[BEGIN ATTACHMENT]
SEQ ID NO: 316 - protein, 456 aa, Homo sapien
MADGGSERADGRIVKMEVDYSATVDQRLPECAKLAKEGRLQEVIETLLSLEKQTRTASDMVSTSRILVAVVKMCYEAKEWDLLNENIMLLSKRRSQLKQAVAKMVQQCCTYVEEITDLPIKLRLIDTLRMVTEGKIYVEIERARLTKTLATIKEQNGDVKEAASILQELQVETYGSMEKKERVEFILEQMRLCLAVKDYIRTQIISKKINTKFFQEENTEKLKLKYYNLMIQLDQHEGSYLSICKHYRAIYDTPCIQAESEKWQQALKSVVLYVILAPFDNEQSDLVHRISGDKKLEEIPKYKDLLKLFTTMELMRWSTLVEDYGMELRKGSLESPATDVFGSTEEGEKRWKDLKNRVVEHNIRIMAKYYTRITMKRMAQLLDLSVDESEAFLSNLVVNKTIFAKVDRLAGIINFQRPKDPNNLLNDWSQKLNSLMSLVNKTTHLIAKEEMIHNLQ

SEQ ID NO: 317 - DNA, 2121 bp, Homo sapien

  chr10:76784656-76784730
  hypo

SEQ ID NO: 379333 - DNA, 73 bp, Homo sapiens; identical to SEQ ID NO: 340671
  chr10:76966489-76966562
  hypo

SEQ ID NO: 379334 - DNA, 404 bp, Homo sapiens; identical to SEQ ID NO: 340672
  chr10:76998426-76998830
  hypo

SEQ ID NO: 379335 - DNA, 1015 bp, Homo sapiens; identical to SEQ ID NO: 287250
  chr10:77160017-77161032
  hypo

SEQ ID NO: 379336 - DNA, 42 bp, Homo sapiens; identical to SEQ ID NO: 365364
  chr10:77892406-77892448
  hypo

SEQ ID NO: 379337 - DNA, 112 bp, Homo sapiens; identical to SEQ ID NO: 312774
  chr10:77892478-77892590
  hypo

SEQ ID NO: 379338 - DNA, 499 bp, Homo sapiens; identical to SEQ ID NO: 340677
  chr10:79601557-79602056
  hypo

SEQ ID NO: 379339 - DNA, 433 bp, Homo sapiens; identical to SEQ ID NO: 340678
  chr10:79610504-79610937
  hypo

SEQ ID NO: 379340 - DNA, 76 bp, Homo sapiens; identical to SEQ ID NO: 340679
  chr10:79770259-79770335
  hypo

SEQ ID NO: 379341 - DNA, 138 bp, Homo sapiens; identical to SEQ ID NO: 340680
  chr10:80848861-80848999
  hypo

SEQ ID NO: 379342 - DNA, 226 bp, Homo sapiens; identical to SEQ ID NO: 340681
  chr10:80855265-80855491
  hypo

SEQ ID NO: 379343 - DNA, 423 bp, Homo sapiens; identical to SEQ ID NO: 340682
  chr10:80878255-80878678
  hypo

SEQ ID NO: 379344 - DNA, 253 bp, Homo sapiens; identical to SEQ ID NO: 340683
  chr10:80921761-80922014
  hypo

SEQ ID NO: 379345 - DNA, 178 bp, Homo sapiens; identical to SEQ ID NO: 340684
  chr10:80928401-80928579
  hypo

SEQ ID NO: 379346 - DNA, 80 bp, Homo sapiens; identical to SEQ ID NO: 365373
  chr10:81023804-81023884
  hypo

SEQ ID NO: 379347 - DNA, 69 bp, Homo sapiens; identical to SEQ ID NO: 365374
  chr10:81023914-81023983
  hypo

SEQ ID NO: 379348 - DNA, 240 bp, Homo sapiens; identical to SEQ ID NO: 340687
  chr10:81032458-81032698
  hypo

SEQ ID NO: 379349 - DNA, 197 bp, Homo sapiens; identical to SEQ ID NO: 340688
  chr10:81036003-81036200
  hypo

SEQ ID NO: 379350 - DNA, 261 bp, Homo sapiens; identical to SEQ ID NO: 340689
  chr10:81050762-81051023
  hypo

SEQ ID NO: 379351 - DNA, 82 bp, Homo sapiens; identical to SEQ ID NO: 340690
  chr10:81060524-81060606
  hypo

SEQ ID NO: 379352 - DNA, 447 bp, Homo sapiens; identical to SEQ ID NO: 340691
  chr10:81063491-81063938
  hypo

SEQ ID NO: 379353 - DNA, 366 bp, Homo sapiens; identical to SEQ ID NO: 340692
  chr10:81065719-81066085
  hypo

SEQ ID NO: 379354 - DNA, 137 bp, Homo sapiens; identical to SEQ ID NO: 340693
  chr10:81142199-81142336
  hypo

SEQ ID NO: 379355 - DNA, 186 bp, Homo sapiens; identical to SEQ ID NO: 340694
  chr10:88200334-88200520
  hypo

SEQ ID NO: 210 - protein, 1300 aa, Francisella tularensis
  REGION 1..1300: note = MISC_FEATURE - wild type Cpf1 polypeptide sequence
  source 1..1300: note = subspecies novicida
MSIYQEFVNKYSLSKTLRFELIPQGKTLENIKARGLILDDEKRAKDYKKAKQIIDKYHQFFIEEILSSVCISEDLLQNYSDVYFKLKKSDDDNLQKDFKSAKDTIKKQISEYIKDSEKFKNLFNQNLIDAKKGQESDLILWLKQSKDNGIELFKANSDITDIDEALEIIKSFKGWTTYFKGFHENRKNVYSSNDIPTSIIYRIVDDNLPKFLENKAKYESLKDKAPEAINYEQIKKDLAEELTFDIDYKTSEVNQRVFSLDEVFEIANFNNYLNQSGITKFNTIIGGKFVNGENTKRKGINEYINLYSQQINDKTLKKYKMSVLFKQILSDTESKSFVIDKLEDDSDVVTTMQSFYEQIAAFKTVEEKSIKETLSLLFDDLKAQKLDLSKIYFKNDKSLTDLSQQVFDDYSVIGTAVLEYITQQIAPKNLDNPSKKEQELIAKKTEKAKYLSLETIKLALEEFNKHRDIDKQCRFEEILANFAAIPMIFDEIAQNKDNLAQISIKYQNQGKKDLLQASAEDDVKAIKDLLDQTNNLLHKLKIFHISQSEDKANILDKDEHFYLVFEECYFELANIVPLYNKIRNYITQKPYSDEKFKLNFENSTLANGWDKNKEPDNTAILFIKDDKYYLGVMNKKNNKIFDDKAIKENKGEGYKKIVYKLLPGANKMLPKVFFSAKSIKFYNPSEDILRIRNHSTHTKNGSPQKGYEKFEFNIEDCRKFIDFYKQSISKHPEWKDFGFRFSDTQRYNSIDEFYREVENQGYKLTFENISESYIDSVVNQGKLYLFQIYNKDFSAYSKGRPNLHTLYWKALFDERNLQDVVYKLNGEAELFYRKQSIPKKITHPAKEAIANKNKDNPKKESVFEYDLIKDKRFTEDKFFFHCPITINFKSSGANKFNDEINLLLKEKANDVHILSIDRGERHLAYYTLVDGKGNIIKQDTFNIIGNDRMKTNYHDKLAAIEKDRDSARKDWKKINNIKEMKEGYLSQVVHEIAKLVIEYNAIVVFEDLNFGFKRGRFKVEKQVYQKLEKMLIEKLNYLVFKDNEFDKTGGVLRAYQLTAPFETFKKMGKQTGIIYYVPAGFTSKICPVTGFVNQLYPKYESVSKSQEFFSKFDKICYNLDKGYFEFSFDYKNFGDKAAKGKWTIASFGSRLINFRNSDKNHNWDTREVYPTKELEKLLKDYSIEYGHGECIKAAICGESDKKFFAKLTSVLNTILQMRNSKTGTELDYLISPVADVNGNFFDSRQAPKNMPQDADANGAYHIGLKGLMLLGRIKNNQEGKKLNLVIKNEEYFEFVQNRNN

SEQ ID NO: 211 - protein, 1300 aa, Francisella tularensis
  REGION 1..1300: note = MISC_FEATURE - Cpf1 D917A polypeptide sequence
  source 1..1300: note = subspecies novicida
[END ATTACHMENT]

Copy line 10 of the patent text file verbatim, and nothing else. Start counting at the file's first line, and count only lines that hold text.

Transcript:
  chr10:76998426-76998830